Vegetarian Diets: Are They Better for your Heart?
A good number of vegetarians automatically assume that a ‘green’ diet offers better cardiovascular health. However, a recent study published on HealthDay suggests there might be more to it than one assumes.
The study surveyed both meat eaters and vegetarians over a 10-year period, and according to head researcher Dr. Hyunseok Kim, meat eaters experience no major risk of heart disease compared to their vegan counterparts. But in his findings (presented in Las Vegas at the American College of Gastroenterology), Kim still cautions against neglecting greens in our diet: “...A vegan diet is by no means useless for preventing heart disease.” What the study argues is the common assumption that a vegetarian diet prevents cardiovascular problems on a population level.
The study referenced data from the U.S. national survey to compare thousands of adult meat eaters and vegetarians from all backgrounds, and while vegetarians recorded healthier body weight overall, their general risk for heart disease wasn’t actually different.
Strict vegans do indeed show reduced risk of high blood pressure, obesity, and metabolic syndrome, but Kim argues that the reason may have more to do with the fact that the majority of vegans are young and female, which means they’re already at a lower risk of heart disease.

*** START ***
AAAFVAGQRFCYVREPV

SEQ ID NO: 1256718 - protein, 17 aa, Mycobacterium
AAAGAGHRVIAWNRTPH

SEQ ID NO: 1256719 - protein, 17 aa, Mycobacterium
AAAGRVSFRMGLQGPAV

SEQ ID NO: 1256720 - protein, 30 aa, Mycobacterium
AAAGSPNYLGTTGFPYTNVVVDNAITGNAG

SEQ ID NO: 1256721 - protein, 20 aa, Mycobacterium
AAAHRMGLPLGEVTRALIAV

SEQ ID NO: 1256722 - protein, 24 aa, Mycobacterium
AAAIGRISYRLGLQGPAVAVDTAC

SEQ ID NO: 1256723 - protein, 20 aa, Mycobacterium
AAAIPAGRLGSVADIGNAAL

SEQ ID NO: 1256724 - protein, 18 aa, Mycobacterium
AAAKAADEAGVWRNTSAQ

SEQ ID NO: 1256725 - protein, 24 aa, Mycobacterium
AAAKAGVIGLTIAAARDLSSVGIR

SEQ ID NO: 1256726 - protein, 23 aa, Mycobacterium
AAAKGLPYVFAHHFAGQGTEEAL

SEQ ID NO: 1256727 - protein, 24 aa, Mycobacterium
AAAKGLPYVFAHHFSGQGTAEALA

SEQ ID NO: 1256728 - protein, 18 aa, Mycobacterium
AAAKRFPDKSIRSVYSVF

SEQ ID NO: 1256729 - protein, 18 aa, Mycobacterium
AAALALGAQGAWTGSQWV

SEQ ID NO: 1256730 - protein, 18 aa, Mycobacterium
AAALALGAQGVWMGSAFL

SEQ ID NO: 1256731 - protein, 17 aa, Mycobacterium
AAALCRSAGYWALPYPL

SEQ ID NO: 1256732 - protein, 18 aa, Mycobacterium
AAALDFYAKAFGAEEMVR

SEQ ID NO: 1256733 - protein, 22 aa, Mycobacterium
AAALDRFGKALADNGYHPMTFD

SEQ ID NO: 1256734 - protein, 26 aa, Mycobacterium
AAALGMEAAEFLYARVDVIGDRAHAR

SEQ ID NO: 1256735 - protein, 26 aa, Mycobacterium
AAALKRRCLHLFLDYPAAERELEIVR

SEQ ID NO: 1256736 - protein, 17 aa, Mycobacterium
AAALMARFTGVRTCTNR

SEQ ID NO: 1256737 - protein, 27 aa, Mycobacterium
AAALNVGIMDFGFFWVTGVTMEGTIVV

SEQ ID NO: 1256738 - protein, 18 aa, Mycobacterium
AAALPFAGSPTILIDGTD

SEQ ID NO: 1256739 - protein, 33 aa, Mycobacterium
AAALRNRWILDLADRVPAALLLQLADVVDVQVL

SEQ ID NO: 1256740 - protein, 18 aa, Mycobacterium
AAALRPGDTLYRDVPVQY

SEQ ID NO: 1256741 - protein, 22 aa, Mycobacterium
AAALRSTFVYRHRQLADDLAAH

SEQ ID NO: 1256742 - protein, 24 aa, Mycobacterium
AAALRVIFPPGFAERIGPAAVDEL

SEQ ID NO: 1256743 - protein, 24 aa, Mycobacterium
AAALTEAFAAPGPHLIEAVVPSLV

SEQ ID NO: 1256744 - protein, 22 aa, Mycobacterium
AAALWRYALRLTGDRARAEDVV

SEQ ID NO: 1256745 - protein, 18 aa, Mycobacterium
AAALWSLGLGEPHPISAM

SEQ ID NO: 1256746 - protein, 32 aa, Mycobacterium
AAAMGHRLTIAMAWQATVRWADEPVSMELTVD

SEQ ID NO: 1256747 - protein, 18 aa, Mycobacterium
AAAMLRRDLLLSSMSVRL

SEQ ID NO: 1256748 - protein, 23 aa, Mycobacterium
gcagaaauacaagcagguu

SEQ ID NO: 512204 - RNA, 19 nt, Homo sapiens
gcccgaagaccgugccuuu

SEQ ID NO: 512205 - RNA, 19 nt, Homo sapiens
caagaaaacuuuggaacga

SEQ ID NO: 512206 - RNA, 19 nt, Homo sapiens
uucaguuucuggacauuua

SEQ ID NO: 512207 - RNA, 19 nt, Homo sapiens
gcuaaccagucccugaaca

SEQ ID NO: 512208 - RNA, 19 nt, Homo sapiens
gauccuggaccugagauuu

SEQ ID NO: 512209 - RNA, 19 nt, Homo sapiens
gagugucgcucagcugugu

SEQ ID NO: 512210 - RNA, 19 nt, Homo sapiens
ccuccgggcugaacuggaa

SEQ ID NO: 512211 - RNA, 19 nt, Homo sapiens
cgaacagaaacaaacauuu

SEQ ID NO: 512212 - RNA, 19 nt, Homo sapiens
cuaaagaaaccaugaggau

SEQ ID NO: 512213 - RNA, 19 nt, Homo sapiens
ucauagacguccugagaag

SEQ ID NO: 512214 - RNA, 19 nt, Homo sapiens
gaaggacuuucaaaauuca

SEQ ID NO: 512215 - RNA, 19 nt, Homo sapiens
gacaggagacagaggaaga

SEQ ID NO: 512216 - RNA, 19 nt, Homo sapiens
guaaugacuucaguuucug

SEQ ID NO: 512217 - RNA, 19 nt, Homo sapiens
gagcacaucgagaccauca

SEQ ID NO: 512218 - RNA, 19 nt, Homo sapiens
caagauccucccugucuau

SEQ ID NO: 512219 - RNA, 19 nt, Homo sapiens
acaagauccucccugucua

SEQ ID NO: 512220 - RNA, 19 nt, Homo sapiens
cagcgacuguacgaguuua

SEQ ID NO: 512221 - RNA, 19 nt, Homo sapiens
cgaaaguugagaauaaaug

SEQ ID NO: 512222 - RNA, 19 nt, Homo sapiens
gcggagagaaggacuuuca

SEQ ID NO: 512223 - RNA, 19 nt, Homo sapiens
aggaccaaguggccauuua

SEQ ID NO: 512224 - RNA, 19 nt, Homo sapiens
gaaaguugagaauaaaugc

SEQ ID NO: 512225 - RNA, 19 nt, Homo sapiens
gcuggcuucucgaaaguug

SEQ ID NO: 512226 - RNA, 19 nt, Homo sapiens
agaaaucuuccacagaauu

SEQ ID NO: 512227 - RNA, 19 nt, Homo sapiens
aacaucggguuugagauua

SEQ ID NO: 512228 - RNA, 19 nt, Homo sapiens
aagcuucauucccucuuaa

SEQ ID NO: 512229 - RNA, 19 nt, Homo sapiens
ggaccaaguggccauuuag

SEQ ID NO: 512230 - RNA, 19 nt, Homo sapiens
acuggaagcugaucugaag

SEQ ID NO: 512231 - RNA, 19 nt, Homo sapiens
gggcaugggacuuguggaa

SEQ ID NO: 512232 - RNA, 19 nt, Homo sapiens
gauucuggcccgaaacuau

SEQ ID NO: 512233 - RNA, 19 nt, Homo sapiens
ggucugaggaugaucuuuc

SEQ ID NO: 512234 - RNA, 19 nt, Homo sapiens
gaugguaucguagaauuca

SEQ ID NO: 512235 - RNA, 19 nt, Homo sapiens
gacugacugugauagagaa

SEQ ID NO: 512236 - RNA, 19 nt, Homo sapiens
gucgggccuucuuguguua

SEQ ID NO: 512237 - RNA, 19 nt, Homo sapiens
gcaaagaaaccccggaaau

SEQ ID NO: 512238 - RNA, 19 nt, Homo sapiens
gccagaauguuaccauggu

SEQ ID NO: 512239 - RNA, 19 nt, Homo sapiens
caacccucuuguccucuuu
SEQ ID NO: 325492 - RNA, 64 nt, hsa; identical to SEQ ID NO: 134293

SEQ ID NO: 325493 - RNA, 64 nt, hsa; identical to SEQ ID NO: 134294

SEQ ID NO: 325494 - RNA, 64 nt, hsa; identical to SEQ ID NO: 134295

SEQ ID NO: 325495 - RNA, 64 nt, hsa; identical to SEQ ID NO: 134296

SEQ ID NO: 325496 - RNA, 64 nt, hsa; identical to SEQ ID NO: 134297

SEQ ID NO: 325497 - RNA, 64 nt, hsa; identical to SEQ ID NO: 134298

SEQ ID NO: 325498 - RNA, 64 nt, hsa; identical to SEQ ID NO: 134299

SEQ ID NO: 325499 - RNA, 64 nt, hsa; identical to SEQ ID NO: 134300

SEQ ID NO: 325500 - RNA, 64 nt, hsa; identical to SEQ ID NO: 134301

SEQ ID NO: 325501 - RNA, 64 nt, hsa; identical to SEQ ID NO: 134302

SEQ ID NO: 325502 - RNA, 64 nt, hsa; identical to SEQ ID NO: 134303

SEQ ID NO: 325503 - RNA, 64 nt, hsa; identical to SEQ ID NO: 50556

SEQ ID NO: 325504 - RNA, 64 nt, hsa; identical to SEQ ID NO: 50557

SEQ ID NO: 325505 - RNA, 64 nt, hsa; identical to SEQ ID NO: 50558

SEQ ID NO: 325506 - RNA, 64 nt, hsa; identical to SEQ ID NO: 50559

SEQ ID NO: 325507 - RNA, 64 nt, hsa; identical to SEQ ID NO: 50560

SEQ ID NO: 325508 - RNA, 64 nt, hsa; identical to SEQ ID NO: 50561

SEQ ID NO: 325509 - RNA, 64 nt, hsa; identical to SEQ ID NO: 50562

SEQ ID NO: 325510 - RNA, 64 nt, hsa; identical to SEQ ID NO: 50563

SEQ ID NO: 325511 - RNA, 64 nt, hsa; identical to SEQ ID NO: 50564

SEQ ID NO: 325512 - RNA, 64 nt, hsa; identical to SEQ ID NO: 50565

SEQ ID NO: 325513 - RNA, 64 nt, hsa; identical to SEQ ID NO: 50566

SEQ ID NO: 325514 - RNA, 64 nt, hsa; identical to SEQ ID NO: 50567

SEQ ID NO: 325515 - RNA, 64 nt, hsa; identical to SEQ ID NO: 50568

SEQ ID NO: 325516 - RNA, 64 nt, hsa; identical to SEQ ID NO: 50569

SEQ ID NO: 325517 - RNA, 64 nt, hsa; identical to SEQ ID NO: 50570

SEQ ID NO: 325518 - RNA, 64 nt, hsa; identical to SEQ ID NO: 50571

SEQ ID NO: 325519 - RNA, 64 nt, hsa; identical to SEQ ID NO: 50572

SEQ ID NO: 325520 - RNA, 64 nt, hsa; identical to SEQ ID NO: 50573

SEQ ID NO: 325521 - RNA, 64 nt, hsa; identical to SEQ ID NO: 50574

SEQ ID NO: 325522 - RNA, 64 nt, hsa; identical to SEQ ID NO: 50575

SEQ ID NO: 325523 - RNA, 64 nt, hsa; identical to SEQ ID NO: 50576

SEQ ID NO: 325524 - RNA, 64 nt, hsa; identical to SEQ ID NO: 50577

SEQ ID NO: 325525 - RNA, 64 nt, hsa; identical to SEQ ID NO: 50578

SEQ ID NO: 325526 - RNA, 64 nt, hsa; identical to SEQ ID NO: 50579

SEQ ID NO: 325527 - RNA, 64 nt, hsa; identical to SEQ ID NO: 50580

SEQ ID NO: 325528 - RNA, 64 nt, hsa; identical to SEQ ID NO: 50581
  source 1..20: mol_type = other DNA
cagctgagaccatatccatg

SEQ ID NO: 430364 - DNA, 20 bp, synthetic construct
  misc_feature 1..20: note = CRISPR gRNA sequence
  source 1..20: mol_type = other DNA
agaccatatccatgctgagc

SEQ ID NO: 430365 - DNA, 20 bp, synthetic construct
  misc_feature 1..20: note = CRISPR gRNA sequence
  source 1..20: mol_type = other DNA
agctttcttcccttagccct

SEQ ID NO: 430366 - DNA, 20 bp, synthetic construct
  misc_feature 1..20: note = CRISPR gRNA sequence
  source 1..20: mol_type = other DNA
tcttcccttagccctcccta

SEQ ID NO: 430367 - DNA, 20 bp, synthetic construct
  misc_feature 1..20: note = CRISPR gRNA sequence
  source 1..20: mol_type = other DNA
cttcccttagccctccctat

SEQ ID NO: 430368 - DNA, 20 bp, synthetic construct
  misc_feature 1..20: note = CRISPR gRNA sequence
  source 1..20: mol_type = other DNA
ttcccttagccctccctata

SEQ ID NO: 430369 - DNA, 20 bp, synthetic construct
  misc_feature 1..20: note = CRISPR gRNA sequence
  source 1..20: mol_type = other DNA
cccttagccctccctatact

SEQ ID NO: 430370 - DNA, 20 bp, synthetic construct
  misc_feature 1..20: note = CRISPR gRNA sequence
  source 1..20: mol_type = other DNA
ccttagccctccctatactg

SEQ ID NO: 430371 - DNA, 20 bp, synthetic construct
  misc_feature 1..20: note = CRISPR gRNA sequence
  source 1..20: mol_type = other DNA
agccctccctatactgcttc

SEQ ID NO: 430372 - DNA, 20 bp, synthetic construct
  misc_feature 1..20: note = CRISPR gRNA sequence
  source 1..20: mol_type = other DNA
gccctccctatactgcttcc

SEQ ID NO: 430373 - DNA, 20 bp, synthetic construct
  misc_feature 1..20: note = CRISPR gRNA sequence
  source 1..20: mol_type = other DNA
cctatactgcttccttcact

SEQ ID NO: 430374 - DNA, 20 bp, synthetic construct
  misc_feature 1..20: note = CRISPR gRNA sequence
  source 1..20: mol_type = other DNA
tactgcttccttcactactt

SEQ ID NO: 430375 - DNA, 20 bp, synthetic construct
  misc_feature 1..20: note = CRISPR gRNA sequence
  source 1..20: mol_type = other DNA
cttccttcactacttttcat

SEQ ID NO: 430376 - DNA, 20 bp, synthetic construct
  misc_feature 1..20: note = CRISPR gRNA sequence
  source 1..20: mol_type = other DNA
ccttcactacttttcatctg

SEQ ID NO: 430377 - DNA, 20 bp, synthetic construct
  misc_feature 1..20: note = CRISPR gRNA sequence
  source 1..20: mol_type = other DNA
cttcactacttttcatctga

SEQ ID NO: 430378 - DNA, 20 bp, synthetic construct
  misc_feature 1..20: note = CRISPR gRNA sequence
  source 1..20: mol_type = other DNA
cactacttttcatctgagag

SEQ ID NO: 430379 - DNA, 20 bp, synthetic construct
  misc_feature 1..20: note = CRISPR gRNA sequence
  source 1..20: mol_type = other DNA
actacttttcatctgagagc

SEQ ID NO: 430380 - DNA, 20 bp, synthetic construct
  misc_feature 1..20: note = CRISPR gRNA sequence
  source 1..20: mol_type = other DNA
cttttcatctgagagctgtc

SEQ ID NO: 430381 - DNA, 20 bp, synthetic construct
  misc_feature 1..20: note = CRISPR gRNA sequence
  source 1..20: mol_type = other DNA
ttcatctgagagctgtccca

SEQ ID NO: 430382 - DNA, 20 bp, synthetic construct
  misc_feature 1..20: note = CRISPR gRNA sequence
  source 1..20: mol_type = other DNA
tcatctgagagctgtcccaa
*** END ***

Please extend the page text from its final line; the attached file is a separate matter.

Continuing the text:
Dr. Kim and his colleagues at Rutgers School of Medicine in New Jersey examined statistics from a survey conducted from 2007 to 2010 by the U.S. National Health and Nutrition Examination Survey, in which 2.3% of nearly 12,000 adults were vegan. The examined factors comprised a cluster of common conditions including high blood pressure, cholesterol levels, rate of obesity, metabolic syndrome, and the average waist circumference — in essence, factors that raise a person's risk of acquiring heart disease.
Other factors were addressed as well: an overall estimate of each participant’s Framingham heart disease risk, their age and gender, smoking status, etc. Having taken all these factors into the equation, vegetarians were found to have a 2.7% risk of cardiovascular problems compared to a 4.5% risk for meat eaters. The difference was found to be statistically insignificant.
The study was met with both skepticism and curiosity by staunch advocates of vegetarianism. Connie Diekman, director of the nutrition department at Washington University, said in a statement that her department was considering the results of the study, and also mentioned that the study seems to contradict a health report published in 2015 on the Dietary Guidelines for Americans. In that particular study, eating more fruits and vegetables was found to lower the risk of heart disease among adults; however, Diekman agrees that more long-term studies are needed to better assess specific benefits of a vegetarian diet.
Be that as it may, but a good number of health experts agree that children don’t really need a vegetarian diet. According the American Academy of Pediatrics, healthy fats are essential for brain growth and physical development.